Photos by Justin D. Harrison
She explained that Uncle Nearest honors the legacy of Nearest Green, who was born into slavery around 1820 and became the first master distiller for Jack Daniel. In 2016 author and researcher Fawn Weaver read an article in The New York in Times that suggested an enslaved man taught Jack Daniels the whiskey-making craft. She decided to dig deeper into Daniel’s story; in doing so, Weaver uncovered Green’s story and founded Uncle Nearest in 2017.
Since then, the brand has garnered more than 500 awards and accolades, and its 432-acre distillery in Shelbyville, TN produces some of the most-awarded American whiskey and bourbon.
Both whiskey types must meet the same basic requirements: it must be aged in a new, charred American oak barrel; it must enter the barrel at a maximum of 62.5% ABV, be distilled to a maximum of 80% AVD, and bottled at a minimum of 40% ABV; and the mash must contain at least 51% corn. Tennessee whiskey, however, undergoes an extra step.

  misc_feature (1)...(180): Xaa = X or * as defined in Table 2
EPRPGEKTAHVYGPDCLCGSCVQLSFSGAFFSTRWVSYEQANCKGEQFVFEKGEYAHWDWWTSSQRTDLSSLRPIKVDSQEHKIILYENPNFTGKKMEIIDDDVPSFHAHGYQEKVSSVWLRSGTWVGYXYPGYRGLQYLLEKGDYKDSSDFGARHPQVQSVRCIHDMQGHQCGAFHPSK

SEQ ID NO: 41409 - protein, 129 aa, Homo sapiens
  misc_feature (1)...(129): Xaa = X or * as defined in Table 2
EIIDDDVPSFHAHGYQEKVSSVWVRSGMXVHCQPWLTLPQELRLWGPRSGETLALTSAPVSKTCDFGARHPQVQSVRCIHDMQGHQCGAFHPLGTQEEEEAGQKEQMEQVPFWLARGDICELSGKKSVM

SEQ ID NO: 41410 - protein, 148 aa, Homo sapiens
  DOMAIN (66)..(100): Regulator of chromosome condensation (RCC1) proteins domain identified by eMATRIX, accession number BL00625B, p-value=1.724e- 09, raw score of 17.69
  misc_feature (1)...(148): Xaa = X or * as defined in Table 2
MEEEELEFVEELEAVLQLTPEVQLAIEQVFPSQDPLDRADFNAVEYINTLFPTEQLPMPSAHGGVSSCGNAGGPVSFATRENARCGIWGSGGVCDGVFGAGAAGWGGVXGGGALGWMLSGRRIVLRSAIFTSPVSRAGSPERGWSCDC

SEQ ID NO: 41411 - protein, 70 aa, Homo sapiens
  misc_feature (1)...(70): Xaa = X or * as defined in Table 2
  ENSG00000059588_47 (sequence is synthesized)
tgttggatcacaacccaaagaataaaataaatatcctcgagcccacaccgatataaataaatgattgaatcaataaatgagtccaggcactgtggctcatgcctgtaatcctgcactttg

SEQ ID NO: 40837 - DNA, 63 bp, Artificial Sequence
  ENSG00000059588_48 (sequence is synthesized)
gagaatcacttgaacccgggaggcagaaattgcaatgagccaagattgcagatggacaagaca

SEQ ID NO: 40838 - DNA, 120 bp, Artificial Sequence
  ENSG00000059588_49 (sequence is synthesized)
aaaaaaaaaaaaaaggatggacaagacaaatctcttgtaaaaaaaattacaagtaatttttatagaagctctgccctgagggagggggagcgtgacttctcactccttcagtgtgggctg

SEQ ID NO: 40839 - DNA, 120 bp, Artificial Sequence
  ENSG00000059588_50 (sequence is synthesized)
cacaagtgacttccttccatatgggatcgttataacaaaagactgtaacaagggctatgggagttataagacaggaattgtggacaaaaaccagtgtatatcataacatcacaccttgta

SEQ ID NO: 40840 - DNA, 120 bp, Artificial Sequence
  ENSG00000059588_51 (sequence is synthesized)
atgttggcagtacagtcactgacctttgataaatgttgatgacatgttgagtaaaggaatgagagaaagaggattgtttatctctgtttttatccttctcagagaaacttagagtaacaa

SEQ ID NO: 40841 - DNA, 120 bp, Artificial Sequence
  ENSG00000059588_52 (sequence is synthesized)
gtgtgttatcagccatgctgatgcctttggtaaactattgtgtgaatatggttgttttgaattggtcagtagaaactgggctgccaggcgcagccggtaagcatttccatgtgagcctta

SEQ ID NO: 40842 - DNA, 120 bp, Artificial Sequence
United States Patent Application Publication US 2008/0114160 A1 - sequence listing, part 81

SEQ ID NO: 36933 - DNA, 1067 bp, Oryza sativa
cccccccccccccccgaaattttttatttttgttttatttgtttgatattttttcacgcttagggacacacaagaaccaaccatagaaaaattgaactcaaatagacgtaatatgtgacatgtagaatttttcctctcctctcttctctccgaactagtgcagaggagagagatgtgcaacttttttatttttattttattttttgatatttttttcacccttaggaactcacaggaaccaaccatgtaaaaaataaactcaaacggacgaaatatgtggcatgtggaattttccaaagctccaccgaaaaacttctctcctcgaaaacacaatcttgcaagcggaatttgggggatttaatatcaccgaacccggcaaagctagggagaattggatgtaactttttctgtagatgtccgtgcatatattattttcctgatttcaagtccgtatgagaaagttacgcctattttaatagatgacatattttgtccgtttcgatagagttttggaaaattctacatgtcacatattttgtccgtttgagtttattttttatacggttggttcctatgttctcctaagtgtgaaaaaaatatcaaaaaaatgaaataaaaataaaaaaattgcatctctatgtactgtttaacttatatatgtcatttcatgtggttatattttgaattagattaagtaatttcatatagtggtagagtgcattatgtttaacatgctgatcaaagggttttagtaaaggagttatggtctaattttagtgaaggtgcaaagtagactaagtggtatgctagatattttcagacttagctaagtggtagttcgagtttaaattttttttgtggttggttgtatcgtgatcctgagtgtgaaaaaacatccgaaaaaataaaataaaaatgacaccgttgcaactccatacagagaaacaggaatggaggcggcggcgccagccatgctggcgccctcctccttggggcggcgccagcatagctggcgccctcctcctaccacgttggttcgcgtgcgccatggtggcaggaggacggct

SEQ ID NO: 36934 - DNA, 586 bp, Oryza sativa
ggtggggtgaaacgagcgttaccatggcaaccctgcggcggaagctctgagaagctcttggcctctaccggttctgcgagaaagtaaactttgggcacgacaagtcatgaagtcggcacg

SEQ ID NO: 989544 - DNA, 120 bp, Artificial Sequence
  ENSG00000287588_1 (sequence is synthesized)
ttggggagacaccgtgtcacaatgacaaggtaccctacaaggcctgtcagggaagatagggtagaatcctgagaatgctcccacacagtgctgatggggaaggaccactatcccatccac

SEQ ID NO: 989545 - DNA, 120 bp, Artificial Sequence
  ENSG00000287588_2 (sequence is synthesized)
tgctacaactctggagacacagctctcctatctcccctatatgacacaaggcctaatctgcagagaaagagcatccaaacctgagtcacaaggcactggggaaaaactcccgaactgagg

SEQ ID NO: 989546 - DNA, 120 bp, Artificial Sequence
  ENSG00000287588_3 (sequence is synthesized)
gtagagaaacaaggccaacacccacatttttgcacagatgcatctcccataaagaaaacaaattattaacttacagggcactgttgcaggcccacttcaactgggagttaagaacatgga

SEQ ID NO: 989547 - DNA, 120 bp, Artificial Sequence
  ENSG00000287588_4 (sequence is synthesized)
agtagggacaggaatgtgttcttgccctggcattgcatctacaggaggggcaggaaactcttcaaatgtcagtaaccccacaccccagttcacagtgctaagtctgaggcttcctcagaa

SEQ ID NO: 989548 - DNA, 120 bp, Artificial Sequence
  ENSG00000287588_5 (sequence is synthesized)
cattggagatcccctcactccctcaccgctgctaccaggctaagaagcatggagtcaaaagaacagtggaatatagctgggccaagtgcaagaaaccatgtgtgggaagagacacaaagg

After it is distilled—but before it is barreled—it is sent through vats that are filled with charcoal from sugar maple trees. This method was formerly known as charcoal leaching. It earned its current moniker when Green taught Daniel how to make whiskey in Lincoln County. Today, it is what defines Tennessee whiskey and makes it unlike any other spirit in the world.
“It doesn’t add anything to it,” Dillingham said. “It reduces. The process is actually removing, filtering, and cleansing.” She added that the Lincoln County Process simply gets rid of impurities and smoothes out flavors—making it “as smooth as Tennessee whiskey.”
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